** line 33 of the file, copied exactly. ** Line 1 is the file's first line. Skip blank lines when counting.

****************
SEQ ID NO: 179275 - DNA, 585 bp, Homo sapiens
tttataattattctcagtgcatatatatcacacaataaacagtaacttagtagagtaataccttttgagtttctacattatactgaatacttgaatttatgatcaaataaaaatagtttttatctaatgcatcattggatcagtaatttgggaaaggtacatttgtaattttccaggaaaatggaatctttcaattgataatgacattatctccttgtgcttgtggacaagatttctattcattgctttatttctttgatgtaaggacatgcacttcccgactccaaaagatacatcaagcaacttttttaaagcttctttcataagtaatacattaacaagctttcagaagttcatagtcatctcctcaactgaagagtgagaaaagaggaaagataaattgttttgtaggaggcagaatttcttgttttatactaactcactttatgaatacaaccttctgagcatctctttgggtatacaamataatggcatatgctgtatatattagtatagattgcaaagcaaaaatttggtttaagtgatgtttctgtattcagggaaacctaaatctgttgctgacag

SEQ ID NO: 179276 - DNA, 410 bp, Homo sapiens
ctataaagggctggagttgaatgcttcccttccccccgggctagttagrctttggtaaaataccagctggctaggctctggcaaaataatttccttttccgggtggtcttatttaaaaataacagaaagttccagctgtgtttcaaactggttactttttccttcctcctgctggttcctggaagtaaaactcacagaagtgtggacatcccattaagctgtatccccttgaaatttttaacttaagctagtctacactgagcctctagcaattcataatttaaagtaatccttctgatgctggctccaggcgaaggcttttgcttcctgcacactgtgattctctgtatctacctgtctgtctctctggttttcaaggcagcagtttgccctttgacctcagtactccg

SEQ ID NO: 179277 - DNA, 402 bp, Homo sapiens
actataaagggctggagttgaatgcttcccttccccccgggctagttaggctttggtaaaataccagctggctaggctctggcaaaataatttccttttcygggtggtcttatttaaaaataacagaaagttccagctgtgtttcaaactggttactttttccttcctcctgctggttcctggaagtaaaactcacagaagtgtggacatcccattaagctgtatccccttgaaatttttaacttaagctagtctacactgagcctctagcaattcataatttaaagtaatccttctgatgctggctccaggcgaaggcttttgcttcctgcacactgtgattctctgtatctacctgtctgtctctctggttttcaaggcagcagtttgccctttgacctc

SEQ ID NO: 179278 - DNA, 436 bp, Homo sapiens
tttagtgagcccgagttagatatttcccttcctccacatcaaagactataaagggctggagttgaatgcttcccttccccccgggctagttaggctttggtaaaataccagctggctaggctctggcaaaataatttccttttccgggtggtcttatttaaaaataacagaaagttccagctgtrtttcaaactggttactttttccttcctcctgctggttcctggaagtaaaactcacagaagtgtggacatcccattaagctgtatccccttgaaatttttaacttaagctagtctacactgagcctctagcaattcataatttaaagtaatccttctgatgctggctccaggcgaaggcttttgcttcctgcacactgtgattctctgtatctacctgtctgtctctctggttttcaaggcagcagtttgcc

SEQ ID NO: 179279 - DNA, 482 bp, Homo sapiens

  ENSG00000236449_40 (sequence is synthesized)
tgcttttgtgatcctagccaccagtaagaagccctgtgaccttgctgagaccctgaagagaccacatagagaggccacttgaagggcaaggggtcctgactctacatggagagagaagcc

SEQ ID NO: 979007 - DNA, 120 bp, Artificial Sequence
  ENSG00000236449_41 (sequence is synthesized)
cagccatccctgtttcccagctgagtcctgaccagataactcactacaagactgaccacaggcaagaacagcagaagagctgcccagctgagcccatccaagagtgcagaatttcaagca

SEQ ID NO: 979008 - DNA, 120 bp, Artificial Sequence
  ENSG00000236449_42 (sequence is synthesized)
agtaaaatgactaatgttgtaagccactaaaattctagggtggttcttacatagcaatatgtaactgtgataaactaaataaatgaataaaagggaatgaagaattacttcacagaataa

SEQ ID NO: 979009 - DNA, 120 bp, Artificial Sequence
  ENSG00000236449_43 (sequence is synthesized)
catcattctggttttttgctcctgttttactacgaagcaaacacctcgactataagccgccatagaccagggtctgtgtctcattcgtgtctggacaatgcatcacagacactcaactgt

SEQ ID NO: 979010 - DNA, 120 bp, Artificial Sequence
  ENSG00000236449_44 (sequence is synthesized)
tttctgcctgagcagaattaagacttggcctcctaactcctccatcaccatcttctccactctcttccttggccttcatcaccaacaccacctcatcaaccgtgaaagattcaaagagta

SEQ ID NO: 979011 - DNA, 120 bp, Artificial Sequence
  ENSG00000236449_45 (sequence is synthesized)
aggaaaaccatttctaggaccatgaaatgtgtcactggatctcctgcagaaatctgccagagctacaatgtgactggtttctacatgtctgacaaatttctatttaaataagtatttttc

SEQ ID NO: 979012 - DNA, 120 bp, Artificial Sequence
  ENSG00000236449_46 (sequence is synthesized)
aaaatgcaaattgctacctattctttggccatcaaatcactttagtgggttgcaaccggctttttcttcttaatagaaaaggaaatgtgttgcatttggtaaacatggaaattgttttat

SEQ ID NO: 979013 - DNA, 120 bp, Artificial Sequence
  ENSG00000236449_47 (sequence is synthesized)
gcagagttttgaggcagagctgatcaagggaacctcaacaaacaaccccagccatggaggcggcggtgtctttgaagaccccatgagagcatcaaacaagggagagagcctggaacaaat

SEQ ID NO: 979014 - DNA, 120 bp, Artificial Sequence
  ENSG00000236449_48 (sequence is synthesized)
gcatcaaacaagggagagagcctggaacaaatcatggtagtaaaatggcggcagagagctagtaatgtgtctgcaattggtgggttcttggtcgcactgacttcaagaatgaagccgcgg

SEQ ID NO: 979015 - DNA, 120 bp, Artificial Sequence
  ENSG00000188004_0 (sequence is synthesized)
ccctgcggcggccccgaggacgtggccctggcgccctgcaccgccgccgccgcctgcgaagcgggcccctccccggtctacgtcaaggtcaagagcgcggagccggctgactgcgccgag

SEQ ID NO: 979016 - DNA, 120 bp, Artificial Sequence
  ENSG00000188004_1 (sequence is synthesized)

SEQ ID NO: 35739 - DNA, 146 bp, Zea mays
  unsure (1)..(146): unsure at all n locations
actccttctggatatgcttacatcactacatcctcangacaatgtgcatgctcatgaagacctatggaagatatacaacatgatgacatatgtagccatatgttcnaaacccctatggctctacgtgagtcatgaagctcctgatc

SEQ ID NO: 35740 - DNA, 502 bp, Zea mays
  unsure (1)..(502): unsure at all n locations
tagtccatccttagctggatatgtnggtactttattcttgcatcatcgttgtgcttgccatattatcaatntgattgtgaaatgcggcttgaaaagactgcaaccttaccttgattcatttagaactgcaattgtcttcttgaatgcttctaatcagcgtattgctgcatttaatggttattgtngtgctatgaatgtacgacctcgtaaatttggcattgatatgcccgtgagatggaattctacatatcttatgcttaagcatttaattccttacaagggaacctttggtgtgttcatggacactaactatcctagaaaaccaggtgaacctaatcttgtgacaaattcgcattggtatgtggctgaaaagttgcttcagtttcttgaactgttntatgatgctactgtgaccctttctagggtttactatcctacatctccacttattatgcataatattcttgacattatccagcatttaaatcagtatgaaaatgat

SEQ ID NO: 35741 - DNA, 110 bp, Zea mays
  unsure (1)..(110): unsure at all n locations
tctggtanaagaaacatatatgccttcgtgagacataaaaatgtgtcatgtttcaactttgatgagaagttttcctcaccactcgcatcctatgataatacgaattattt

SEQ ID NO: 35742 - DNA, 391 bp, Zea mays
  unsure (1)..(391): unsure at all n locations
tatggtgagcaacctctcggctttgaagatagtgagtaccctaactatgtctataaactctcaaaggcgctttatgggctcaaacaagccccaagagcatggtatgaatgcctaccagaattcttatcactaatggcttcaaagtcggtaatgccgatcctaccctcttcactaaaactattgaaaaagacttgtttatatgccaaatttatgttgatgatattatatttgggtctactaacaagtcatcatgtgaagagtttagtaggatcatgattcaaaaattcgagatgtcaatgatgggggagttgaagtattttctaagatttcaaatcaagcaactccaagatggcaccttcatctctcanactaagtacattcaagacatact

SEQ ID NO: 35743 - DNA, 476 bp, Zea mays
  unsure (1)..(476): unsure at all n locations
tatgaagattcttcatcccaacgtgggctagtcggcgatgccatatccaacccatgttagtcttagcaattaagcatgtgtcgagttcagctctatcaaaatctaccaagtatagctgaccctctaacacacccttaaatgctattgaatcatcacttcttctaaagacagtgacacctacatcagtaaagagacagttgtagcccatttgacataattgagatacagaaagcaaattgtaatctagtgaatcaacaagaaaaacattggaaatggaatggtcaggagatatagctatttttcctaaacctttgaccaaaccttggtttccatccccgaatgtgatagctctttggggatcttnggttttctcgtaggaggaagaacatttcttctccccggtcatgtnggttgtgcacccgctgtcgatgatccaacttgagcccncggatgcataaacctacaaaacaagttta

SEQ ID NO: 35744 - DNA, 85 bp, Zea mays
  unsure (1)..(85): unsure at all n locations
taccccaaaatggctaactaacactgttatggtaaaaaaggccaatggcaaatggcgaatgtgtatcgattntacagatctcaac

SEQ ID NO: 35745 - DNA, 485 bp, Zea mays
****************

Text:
SEQ ID NO: 979014 - DNA, 120 bp, Artificial Sequence